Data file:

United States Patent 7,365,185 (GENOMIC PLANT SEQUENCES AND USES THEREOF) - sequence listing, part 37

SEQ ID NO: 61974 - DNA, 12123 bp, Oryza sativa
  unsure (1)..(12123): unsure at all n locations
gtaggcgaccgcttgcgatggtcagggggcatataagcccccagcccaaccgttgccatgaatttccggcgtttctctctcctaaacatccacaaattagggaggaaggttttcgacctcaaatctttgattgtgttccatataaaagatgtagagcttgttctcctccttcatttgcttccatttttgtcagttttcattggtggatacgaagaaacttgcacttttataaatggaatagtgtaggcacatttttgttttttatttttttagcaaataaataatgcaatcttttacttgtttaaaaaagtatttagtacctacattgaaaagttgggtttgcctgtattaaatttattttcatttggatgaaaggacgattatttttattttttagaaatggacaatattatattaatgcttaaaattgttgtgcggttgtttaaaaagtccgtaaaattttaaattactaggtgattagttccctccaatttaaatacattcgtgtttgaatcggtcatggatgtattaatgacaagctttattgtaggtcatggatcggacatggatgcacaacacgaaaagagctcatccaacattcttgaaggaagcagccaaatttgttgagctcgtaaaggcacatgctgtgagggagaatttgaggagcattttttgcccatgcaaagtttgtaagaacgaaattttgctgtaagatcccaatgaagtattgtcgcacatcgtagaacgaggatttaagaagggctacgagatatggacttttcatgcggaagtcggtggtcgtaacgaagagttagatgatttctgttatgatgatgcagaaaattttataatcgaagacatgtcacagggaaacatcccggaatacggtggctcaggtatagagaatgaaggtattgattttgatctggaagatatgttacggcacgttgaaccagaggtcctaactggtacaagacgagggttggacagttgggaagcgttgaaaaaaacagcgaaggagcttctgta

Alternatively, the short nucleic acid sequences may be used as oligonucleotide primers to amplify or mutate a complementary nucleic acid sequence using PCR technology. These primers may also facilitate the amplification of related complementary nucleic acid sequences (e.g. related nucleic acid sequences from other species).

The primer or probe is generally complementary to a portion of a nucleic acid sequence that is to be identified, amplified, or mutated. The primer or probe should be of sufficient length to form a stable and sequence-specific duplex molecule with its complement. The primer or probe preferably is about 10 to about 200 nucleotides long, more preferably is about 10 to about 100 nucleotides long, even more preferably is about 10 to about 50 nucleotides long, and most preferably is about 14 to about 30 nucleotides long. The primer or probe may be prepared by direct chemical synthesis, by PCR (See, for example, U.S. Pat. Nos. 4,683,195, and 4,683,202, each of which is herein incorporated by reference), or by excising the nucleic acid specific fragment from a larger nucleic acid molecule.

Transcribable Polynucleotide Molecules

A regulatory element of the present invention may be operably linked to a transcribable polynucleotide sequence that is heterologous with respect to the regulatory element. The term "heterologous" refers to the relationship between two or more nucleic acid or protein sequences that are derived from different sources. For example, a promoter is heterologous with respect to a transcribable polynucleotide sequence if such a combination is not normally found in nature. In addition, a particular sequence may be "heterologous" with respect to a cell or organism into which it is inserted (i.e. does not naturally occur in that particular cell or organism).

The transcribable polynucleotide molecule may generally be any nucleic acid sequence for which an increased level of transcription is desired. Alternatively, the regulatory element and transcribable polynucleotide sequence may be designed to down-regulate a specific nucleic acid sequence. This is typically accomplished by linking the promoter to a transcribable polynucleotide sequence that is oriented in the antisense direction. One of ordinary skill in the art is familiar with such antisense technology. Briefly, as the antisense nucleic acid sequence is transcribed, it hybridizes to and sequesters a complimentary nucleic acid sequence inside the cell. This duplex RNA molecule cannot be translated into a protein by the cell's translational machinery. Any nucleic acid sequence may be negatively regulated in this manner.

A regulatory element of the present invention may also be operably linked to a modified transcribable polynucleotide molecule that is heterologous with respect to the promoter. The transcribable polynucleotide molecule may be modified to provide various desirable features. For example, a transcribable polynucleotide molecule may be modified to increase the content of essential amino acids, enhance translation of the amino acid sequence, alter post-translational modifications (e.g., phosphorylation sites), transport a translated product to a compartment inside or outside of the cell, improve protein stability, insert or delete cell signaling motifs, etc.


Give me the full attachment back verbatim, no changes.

United States Patent 7,365,185 (GENOMIC PLANT SEQUENCES AND USES THEREOF) - sequence listing, part 37

SEQ ID NO: 61974 - DNA, 12123 bp, Oryza sativa
  unsure (1)..(12123): unsure at all n locations
gtaggcgaccgcttgcgatggtcagggggcatataagcccccagcccaaccgttgccatgaatttccggcgtttctctctcctaaacatccacaaattagggaggaaggttttcgacctcaaatctttgattgtgttccatataaaagatgtagagcttgttctcctccttcatttgcttccatttttgtcagttttcattggtggatacgaagaaacttgcacttttataaatggaatagtgtaggcacatttttgttttttatttttttagcaaataaataatgcaatcttttacttgtttaaaaaagtatttagtacctacattgaaaagttgggtttgcctgtattaaatttattttcatttggatgaaaggacgattatttttattttttagaaatggacaatattatattaatgcttaaaattgttgtgcggttgtttaaaaagtccgtaaaattttaaattactaggtgattagttccctccaatttaaatacattcgtgtttgaatcggtcatggatgtattaatgacaagctttattgtaggtcatggatcggacatggatgcacaacacgaaaagagctcatccaacattcttgaaggaagcagccaaatttgttgagctcgtaaaggcacatgctgtgagggagaatttgaggagcattttttgcccatgcaaagtttgtaagaacgaaattttgctgtaagatcccaatgaagtattgtcgcacatcgtagaacgaggatttaagaagggctacgagatatggacttttcatgcggaagtcggtggtcgtaacgaagagttagatgatttctgttatgatgatgcagaaaattttataatcgaagacatgtcacagggaaacatcccggaatacggtggctcaggtatagagaatgaaggtattgattttgatctggaagatatgttacggcacgttgaaccagaggtcctaactggtacaagacgagggttggacagttgggaagcgttgaaaaaaacagcgaaggagcttctgta

Alternatively, the short nucleic acid sequences may be used as oligonucleotide primers to amplify or mutate a complementary nucleic acid sequence using PCR technology. These primers may also facilitate the amplification of related complementary nucleic acid sequences (e.g. related nucleic acid sequences from other species).

The primer or probe is generally complementary to a portion of a nucleic acid sequence that is to be identified, amplified, or mutated. The primer or probe should be of sufficient length to form a stable and sequence-specific duplex molecule with its complement. The primer or probe preferably is about 10 to about 200 nucleotides long, more preferably is about 10 to about 100 nucleotides long, even more preferably is about 10 to about 50 nucleotides long, and most preferably is about 14 to about 30 nucleotides long. The primer or probe may be prepared by direct chemical synthesis, by PCR (See, for example, U.S. Pat. Nos. 4,683,195, and 4,683,202, each of which is herein incorporated by reference), or by excising the nucleic acid specific fragment from a larger nucleic acid molecule.

Transcribable Polynucleotide Molecules

A regulatory element of the present invention may be operably linked to a transcribable polynucleotide sequence that is heterologous with respect to the regulatory element. The term "heterologous" refers to the relationship between two or more nucleic acid or protein sequences that are derived from different sources. For example, a promoter is heterologous with respect to a transcribable polynucleotide sequence if such a combination is not normally found in nature. In addition, a particular sequence may be "heterologous" with respect to a cell or organism into which it is inserted (i.e. does not naturally occur in that particular cell or organism).

The transcribable polynucleotide molecule may generally be any nucleic acid sequence for which an increased level of transcription is desired. Alternatively, the regulatory element and transcribable polynucleotide sequence may be designed to down-regulate a specific nucleic acid sequence. This is typically accomplished by linking the promoter to a transcribable polynucleotide sequence that is oriented in the antisense direction. One of ordinary skill in the art is familiar with such antisense technology. Briefly, as the antisense nucleic acid sequence is transcribed, it hybridizes to and sequesters a complimentary nucleic acid sequence inside the cell. This duplex RNA molecule cannot be translated into a protein by the cell's translational machinery. Any nucleic acid sequence may be negatively regulated in this manner.

A regulatory element of the present invention may also be operably linked to a modified transcribable polynucleotide molecule that is heterologous with respect to the promoter. The transcribable polynucleotide molecule may be modified to provide various desirable features. For example, a transcribable polynucleotide molecule may be modified to increase the content of essential amino acids, enhance translation of the amino acid sequence, alter post-translational modifications (e.g., phosphorylation sites), transport a translated product to a compartment inside or outside of the cell, improve protein stability, insert or delete cell signaling motifs, etc.